Inorganic-organic hybrid composite has attracted as its combined synergistic properties. Cellulose based inorganicorganic hybrid composite was fabricated with semiconductive nanomaterials which has functionality of nanomaterial and biocompatibility piezoelectricity, high transparency and flexibility of cellulose electro active paper namely EAPap. ZnO is providing semiconductive functionality to EAPap for hybrid nanocomposite by simple chemical reaction. Cellulose- ZnO hybrid nanocomposite (CEZOHN) demonstrates novel electrical, photoelectrical and electromechanical behaviors. This paper deals with methods to improve electromechanical property of CEZOHN. The fabrication process is introduced briefly, charging mechanism and evaluation is studied with measured piezoelectric constant. And its candidate application will be discussed such as artificial muscle, energy harvester, strain sensor, flexible electrical device.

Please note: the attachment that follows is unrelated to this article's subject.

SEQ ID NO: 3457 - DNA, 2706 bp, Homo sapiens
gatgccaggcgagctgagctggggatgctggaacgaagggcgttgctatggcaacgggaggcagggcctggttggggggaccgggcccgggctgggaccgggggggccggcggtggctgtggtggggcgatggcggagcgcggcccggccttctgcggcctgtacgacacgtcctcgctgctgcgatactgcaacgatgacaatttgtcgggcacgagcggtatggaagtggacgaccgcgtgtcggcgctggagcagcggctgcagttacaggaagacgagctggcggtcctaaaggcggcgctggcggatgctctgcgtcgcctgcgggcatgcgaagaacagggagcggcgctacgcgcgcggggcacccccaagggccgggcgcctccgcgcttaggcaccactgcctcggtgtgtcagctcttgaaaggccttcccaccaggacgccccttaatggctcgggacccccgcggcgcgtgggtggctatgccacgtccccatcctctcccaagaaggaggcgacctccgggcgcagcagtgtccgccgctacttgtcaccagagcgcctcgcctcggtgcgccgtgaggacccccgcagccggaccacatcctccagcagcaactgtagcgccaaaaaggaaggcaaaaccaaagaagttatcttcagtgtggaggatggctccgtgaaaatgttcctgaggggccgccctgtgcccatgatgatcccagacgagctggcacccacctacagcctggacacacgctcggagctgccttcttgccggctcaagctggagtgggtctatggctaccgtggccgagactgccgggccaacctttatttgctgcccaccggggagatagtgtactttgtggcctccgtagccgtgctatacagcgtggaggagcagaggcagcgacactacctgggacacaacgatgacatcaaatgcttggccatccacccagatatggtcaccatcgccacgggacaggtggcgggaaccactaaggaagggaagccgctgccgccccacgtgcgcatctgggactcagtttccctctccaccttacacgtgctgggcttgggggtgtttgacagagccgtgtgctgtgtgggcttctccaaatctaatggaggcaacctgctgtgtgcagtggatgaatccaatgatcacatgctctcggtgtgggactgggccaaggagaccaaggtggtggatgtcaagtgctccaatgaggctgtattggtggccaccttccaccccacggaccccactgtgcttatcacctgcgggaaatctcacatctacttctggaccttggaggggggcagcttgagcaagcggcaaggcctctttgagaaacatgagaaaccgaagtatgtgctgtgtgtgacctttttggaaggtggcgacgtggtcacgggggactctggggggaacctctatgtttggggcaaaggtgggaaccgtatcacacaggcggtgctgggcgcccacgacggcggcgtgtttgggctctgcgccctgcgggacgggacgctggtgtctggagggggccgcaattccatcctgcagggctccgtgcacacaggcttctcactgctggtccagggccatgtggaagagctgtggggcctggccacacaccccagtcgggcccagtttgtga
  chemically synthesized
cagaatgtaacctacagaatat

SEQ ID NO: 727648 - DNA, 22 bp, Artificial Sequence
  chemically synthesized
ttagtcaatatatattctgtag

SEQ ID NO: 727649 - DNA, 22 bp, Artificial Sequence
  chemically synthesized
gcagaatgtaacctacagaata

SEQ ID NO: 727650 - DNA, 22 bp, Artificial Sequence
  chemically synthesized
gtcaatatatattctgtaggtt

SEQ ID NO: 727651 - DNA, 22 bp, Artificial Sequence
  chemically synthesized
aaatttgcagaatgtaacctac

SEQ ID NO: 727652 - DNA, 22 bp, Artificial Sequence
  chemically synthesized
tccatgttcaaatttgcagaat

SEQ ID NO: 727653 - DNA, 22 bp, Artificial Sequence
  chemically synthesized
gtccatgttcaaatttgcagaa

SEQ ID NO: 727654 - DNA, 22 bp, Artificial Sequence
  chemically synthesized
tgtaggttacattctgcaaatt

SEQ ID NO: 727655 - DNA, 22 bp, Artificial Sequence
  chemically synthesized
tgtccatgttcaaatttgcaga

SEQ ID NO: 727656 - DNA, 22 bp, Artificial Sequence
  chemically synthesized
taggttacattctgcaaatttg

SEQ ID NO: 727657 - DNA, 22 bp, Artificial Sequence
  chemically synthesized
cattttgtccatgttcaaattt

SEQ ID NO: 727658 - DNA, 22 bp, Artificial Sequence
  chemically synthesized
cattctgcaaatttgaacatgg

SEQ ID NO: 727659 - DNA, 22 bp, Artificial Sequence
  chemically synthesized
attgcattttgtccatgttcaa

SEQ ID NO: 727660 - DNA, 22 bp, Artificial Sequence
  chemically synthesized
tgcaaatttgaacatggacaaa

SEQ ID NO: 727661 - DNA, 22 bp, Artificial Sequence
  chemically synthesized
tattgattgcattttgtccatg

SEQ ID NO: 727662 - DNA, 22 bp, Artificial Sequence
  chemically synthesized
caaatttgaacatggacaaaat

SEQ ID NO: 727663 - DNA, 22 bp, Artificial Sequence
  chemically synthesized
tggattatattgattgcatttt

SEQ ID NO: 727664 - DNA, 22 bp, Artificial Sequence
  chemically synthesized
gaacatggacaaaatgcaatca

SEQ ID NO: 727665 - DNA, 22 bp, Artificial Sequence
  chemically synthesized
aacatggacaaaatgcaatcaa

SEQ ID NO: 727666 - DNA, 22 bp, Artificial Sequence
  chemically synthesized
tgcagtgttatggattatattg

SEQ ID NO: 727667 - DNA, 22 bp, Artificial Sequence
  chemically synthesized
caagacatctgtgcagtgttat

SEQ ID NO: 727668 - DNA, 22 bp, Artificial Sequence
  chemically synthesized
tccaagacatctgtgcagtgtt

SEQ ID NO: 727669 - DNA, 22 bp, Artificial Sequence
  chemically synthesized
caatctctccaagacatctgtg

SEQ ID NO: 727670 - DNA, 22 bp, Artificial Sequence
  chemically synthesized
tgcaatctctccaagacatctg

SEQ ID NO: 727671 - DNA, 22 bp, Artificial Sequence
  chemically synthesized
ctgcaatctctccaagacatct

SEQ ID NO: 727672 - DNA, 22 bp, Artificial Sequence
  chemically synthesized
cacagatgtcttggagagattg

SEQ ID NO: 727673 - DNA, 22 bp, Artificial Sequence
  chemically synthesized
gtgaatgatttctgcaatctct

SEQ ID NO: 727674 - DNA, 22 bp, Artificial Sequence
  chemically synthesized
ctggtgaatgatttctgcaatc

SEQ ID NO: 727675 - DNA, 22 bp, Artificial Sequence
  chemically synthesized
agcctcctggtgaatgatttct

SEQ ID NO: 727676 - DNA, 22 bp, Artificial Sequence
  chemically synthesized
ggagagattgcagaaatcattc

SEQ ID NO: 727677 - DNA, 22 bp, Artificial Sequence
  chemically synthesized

The integration of biosensors with radio frequency (RF) wireless power transmission devices is becoming popular, but there are challenges for implantable devices in medical applications. Integration and at the same time miniaturization of medical devices in a single embodiment are not trivial. The research reported herein, seeks to review possible effects of RF signals ranging from 900 MHz to 100 GHz on the human tissues and environment. Preliminary evaluation shows that radio waves selected for test have substantial influence on human tissues based on their dielectric properties. In the advancement of RF based biosensors, it is imperative to set up necessary guidelines that specify how to use RF power safely. In this paper, the dielectric properties of various human tissues will be used for estimation of influence within the selected RF frequency ranges.
Various wireless power transfer systems based on electromagnetic coupling have been
investigated and applied in many biomedical applications including functional electrical
stimulation systems and physiological sensing in humans and animals. By integrating